Tough Love at the TablePosted September 23rd, 2013 by Elizabeth Tatham
After much thought. I have come to the conclusion that it is time for some tough love at the table.
As the mother of four, I have made it my priority to raise respectful children with life skills of self-sufficiency, and the ability to make healthy choices, and intelligent decisions, that impact their future and the future of others.
As much as I would like to think that every parent across the country has the same parental priorities, I have to accept that this may not be the case and ultimately our children will pay the price. I could not have imagined that tough love and serious focus would be required in the way we feed our children, but the truth is that this is what will give our children a more hopeful future than the one of obesity, diabetes, and heart disease they are currently facing.
My mother taught me that I was wealthy, because I was eating good food and I had my health.
I grew up under the poverty line in the poorest county in Kansas. I did not realize that my family was considered “poor” until I went to school and met friends who bought their bread and ice cream in a grocery store and had running water instead of an underground well with a pump. As the 7th child of 8, I’ve always had memories of following and helping my mother in the garden. It wasn’t a hobby to prepare soil, plant, weed, and harvest vegetables and fruits, without the garden we would not eat vegetables and fruits. As I got older I knew I was responsible for my allotted rows in the garden. I had to weed them before I played. And often I would play as I weeded. I was very connected to my food because I knew where my food was coming from. I also knew that the meals we ate were eaten together at a table. It didn’t matter what I, or my siblings, were up to when the dinner bell rang, we stopped what we were doing. If you wanted dinner you needed to be at the table.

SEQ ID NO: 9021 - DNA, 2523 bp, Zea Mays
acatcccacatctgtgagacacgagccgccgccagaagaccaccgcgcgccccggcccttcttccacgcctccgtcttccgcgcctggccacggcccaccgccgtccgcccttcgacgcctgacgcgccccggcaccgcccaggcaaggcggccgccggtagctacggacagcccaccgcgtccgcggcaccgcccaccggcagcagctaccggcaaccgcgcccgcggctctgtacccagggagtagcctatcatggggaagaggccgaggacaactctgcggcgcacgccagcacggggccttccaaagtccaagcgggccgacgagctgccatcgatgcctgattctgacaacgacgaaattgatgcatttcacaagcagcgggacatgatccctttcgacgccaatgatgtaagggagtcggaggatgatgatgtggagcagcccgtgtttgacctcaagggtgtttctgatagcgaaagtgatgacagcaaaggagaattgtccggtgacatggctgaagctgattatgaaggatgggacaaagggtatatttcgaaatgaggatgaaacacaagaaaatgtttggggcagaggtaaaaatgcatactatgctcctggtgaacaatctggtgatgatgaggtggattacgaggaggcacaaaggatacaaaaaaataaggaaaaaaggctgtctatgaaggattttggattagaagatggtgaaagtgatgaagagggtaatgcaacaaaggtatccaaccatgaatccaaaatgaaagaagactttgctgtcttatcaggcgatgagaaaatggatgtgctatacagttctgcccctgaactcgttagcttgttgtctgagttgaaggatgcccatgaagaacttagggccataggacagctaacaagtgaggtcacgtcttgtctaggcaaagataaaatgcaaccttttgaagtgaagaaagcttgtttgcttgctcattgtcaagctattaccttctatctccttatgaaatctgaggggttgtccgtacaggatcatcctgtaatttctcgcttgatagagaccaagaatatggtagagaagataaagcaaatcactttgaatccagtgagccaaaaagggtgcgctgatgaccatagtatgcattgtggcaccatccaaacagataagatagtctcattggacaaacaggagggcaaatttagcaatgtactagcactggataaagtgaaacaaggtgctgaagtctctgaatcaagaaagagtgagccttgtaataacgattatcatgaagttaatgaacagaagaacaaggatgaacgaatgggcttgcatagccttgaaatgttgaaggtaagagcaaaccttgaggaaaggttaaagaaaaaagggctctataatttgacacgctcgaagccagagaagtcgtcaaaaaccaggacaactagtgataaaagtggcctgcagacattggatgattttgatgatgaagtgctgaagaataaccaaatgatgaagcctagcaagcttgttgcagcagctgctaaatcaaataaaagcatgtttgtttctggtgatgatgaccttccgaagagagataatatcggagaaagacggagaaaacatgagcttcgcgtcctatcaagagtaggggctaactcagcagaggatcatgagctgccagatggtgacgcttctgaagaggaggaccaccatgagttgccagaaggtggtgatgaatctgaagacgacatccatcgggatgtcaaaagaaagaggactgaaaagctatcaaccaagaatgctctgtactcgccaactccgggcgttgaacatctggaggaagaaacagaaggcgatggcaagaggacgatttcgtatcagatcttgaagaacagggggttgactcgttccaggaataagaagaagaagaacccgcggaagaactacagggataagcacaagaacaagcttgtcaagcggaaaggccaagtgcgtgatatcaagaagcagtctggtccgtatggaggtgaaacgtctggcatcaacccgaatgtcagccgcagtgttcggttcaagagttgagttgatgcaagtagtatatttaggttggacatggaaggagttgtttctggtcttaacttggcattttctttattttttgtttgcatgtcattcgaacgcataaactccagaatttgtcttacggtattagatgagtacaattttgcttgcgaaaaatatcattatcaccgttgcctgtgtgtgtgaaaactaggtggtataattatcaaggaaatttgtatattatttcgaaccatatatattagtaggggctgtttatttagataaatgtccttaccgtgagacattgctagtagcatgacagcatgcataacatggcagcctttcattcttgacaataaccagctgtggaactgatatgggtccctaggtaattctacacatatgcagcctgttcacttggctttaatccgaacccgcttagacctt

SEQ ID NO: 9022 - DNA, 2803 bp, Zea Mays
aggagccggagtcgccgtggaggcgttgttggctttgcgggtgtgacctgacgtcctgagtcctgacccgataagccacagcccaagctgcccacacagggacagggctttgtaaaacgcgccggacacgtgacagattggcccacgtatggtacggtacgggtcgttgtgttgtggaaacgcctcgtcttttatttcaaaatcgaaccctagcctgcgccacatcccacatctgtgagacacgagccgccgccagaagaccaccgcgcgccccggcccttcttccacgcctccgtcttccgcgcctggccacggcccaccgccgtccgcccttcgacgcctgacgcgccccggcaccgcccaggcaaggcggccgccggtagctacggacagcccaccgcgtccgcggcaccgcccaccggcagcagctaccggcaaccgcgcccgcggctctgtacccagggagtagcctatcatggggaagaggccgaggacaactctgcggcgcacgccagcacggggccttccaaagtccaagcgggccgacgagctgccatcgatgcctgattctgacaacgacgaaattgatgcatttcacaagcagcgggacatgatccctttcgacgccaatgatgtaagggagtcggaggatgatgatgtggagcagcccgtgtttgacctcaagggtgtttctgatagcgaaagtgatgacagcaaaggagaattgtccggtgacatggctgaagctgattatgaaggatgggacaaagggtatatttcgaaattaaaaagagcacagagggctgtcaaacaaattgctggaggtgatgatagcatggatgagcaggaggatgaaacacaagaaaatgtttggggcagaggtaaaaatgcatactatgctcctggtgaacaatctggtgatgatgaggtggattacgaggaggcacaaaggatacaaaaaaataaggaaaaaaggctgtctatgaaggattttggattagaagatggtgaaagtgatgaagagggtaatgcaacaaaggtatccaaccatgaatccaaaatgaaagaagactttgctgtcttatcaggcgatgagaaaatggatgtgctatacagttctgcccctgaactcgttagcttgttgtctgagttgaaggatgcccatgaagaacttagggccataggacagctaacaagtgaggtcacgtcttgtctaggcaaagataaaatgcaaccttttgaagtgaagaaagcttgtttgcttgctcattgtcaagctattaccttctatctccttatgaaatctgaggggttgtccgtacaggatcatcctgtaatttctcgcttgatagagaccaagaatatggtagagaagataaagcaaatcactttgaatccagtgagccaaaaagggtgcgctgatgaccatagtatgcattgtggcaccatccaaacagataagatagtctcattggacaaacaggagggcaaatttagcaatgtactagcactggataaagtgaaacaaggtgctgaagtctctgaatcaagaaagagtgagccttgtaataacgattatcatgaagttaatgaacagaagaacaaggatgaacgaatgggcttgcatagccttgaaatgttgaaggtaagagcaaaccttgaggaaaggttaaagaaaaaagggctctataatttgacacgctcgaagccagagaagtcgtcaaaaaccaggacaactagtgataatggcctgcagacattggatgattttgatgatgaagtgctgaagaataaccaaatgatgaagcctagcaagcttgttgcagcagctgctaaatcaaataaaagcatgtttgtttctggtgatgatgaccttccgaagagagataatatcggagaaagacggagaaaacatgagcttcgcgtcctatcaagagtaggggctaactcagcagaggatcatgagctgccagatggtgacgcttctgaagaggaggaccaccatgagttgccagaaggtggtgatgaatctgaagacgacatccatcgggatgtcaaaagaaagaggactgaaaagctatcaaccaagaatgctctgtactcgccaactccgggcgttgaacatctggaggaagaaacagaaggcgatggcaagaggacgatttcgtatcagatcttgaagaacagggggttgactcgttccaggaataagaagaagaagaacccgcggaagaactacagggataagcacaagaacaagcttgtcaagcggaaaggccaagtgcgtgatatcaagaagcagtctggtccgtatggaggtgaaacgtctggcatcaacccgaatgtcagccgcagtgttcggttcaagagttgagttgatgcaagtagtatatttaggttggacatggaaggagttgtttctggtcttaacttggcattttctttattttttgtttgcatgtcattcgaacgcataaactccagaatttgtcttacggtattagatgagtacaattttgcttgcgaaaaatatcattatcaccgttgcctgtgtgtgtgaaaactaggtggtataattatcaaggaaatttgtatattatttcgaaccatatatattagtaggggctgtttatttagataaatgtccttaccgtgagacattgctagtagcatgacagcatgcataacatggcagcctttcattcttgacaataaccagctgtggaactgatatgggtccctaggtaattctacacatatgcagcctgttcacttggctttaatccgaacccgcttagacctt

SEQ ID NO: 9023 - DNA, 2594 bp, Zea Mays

Although this picture I paint may seem quaint to some, I remember it much differently. On the occasional Sunday, my mother would pack our meal for the adventure of a Sunday afternoon picnic. But most of the time my mother worked very hard, in between double shifts as a hospital nurse, to make sure her children were eating healthy meals. She made it very clear that we must make our health a priority because the costs of choosing otherwise would be much greater in our future. This is the biggest reason I didn’t realize I was poor by government standards.
I have continued to feed my children as I was fed. I understood the importance of sticking to mealtime routines, having them know where our meals were coming from, and eating together. I have had the benefit of always knowing that eating healthy food is not optional. My taste buds desire fresh fruits, vegetables, and small portions of meat (because those were much more expensive). As a child I knew that the occasional treat of soda required setting out 8 cups that my mother carefully eyed as she poured to make sure they were as close to equal as she could make them. Although I sometimes desired to have the sweet treats I saw in my friends’ lunch boxes, I quickly learned that the way my mother was feeding me was the way I would always feed myself and my family.
My children have not always appreciated my efforts to feed them nutritious meals.